Regarding God’s purpose in testing His servants through hardships, Imam ‘Alī (‘a) declares:
“As punishment of indecent behavior, God afflicts His servants with reduction of the fruits of trees, withholding rain, and closing off the cascade of blessings so that a repenter repents, and a sinner renounces his sins and a self-edifier becomes edified…”56
c) Awakening
One of the most important consequences of trials and tribulations is that they awaken humans from the slumber of negligence due to our immersion in worldly luxuries; they remind us of our important responsibilities regarding our Lord and transform our arrogance into humility and modesty. As an indication of this fact, the Holy Qur’an declares that the peoples of the prophets have always been confronted with difficulties so that they might renounce their disobedience and surrender to righteousness:
“And We have sent no prophet to any city but that We burdened its people with hardship and affliction that haply they might weep [before Allah and be humble].”57
In addition, the Qur’an states that the calamities and hardships afflicted upon Pharaoh’s nation were admonitions to remind them of the truths they had neglected:
“And verily, we afflicted the people of the Pharaoh with drought and diminution of produce that haply they might be edified.”58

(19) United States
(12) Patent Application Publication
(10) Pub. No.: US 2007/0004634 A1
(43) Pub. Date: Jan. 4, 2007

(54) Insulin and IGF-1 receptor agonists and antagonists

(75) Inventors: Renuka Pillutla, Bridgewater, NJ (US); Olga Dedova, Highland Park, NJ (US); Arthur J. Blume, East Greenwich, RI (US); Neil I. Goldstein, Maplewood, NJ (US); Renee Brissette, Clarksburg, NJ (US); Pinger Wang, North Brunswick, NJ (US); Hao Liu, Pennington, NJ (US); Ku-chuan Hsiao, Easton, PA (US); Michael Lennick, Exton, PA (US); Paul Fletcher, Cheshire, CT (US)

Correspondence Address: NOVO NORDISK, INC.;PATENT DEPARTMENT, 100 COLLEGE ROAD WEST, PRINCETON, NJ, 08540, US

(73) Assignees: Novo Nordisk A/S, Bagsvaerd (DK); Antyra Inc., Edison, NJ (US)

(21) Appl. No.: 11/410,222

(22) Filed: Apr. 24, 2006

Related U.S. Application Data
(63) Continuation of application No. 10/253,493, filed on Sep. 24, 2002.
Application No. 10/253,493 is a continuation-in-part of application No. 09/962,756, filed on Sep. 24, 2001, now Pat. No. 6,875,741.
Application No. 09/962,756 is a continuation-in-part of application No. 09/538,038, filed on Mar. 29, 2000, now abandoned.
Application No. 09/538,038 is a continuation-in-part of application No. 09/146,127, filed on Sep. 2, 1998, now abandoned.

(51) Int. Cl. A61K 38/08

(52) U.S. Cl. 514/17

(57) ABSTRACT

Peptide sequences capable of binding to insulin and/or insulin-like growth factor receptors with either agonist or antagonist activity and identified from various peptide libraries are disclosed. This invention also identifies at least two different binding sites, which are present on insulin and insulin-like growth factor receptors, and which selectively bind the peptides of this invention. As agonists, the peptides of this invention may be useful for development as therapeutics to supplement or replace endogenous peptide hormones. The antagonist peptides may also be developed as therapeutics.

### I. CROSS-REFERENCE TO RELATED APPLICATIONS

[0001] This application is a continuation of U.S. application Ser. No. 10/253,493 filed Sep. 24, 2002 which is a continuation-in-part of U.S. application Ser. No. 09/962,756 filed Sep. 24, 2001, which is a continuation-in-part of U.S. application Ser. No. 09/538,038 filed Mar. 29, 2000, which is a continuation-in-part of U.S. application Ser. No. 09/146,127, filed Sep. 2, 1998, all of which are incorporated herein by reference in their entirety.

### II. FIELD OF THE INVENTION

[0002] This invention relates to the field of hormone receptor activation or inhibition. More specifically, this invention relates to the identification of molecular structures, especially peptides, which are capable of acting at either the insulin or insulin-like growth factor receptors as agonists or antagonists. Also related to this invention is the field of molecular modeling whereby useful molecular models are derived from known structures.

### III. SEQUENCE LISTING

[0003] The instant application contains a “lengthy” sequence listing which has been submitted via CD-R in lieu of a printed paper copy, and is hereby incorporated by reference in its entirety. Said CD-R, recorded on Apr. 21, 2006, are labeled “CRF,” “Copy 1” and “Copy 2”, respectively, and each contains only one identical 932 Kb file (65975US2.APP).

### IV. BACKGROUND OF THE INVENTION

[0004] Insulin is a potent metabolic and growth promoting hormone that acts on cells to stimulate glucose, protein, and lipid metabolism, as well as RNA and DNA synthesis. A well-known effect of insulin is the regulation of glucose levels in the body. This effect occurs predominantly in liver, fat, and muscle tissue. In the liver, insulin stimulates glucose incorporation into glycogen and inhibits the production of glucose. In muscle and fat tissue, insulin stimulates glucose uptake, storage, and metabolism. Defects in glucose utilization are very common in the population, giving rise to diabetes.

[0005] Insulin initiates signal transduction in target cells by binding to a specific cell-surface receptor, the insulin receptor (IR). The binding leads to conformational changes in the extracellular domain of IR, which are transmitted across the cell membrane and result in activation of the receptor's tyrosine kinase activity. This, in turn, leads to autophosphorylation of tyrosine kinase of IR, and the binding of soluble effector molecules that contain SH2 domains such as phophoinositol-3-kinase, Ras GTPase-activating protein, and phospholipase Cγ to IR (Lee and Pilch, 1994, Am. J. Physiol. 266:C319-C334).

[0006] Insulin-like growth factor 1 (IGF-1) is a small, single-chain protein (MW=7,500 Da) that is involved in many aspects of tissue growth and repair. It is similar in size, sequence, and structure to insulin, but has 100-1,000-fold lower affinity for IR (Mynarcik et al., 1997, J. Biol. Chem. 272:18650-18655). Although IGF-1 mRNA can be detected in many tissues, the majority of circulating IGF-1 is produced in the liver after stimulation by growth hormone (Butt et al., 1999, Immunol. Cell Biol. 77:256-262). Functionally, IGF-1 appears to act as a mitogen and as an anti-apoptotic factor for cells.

d) Appreciation of Divine Blessings
Another advantage of the existence of evils is that people realize the significance of divine blessings and are thankful for them because, “Only one who has been afflicted can appreciate health and ease”59. Imam Ṣādiq has stated:
“While both the righteous and the wicked are plagued with these blights, God has instituted them as reformation for both. The blights and calamities which befall the righteous cause them to appreciate the past blessings of their Lord and this leads them to thankfulness and patience.”60
So far, we have indicated several advantages and positive results of evil in the lives of humans. Here we shall discuss several general principles whose consideration will facilitate reaching the conclusions of this discourse.